What is a fact?
A fact is something that can be proven right or wrong by checking with evidence.
This New York Times article showed how rivers, lakes and other bodies of water moved and shifted in three decades. Satellites captured the imaging and were used as an interactive piece to the story. “Mapping Three Decades of Global Water Change” showed bodies of water timelines in different parts of the world from an array of time periods.
“The project, which is freely available, will allow researchers to improve climate models and find evidence of the effects of climate change around the world.”
This article is an example of fact because it can be proven by the satellite imaging and researchers conducting the study.
What is an inference?
An inference is based off of past experiences, but they are not necessarily facts. However, inferences can be developed through logic and reasoning. They can be true when thought of logically but other circumstances may come into play that prove an inference false. Usually a conclusion is drawn whether or not facts back it up.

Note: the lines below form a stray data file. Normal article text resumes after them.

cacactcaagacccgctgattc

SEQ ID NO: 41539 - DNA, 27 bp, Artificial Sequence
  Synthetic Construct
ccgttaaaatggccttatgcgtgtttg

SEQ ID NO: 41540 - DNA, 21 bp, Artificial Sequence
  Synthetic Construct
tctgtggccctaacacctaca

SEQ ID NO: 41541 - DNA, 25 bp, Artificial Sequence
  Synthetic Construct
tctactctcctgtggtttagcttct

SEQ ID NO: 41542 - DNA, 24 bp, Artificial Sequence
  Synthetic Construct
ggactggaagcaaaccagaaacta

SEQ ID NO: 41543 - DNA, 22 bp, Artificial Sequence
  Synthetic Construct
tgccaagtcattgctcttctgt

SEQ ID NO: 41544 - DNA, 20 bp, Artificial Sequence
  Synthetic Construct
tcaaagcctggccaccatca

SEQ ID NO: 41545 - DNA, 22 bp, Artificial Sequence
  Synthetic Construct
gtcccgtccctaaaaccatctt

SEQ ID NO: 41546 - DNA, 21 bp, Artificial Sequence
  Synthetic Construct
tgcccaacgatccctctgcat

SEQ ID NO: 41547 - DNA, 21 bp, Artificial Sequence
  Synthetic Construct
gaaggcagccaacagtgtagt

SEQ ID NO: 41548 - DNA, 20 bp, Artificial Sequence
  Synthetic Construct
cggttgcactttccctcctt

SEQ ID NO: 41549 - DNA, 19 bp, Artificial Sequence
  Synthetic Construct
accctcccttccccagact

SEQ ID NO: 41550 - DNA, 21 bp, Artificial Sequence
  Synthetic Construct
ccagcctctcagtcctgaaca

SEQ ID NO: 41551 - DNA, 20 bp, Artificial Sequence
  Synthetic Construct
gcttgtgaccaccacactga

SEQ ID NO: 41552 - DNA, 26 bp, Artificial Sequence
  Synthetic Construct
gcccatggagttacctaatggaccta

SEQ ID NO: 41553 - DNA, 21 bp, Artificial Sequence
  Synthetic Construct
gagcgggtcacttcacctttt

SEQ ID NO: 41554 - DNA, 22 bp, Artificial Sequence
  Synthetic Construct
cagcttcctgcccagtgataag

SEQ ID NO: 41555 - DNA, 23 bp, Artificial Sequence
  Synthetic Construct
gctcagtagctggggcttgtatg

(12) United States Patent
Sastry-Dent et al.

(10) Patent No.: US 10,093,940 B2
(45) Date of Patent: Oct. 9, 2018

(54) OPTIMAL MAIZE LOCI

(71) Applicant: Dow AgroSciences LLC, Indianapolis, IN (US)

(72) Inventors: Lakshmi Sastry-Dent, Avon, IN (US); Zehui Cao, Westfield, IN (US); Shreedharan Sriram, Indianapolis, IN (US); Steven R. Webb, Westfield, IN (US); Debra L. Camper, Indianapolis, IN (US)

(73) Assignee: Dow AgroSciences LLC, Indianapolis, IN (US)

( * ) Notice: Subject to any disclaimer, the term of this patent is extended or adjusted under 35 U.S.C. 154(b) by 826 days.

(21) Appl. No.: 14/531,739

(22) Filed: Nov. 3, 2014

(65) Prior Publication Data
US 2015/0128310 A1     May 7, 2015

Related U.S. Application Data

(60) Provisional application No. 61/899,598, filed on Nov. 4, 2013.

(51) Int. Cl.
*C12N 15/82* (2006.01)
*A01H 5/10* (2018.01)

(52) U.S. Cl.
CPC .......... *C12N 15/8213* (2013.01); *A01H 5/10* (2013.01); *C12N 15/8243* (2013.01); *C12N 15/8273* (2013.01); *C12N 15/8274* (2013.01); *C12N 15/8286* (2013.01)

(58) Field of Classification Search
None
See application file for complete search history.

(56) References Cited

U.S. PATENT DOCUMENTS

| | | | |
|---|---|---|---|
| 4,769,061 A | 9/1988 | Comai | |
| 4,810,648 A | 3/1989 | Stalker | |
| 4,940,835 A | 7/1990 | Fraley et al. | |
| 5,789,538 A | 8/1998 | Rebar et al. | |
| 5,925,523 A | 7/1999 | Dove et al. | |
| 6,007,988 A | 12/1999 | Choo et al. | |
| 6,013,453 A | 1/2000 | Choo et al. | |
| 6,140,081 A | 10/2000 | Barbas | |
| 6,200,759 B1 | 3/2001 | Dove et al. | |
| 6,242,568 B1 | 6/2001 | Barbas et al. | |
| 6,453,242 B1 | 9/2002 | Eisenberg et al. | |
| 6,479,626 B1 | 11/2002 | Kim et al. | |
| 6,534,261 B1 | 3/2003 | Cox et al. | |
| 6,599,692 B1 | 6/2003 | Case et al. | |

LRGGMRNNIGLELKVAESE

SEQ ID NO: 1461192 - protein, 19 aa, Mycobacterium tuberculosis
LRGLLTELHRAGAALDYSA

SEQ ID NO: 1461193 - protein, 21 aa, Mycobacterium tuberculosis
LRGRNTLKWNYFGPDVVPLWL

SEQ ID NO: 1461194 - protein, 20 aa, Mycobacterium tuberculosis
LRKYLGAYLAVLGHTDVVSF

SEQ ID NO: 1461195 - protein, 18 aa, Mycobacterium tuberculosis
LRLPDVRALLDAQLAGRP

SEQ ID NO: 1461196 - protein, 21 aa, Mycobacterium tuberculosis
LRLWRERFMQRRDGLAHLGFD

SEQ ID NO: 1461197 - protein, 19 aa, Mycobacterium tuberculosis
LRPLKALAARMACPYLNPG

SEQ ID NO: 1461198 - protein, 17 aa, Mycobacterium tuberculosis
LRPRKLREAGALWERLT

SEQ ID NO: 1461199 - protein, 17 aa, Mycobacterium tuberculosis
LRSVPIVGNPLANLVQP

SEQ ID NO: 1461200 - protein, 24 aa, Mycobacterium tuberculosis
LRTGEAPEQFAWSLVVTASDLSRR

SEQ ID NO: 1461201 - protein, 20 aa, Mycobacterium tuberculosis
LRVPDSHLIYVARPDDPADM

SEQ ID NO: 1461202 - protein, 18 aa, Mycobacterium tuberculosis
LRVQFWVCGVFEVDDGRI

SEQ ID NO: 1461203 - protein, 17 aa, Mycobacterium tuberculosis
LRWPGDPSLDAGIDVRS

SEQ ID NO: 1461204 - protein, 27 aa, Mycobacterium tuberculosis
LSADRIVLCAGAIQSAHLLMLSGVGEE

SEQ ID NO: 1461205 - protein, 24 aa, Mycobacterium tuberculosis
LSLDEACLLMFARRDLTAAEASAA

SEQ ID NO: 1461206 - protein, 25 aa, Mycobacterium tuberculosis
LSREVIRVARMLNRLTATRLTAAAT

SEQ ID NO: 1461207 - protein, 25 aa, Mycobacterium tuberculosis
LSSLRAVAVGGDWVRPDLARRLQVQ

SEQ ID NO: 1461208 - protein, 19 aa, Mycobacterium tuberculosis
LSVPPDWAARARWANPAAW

In an article by CNN, Jacqueline Howard urges women to get a long-lasting birth control during Trump’s presidency.
“Tweets and Facebook posts about getting intrauterine devices, or IUDs, swept social media Wednesday as women warned each other that their access to birth control might dwindle once the President-elect takes office next year.”
Rather than focus on what Trump has yet to do with the Affordable Care Act, Howard focused on what could happen. She only reported on one side of the argument by talking with an OB-GYN. A reader can easily take away a doomed future for women’s free birth control.
What is an opinion?
Everyone has one. Many people believe opinions are fact, but opinions are just viewpoints and beliefs. Opinions cannot be proven right or wrong by evidence.
In an article on The Guardian, a man named Robby Mook expresses his concern about Russia getting involved with more than just hacking the U.S. election.
“But there’s a deeper dimension to Russia’s actions, which deserves the free world’s urgent attention: its capacity to silently influence domestic legislation and policy-making between elections.”
Mook gives examples from past occurrences that support his theory. But that’s just it, a theory. He relies on words like “has the potential to corrupt” that can sway a reader’s opinion. However, it’s just a guess and could be completely false. A snowball effect.
Mook’s opinion is not wrong, though. He can express what his viewpoints are on Russia because he has some evidence from past events.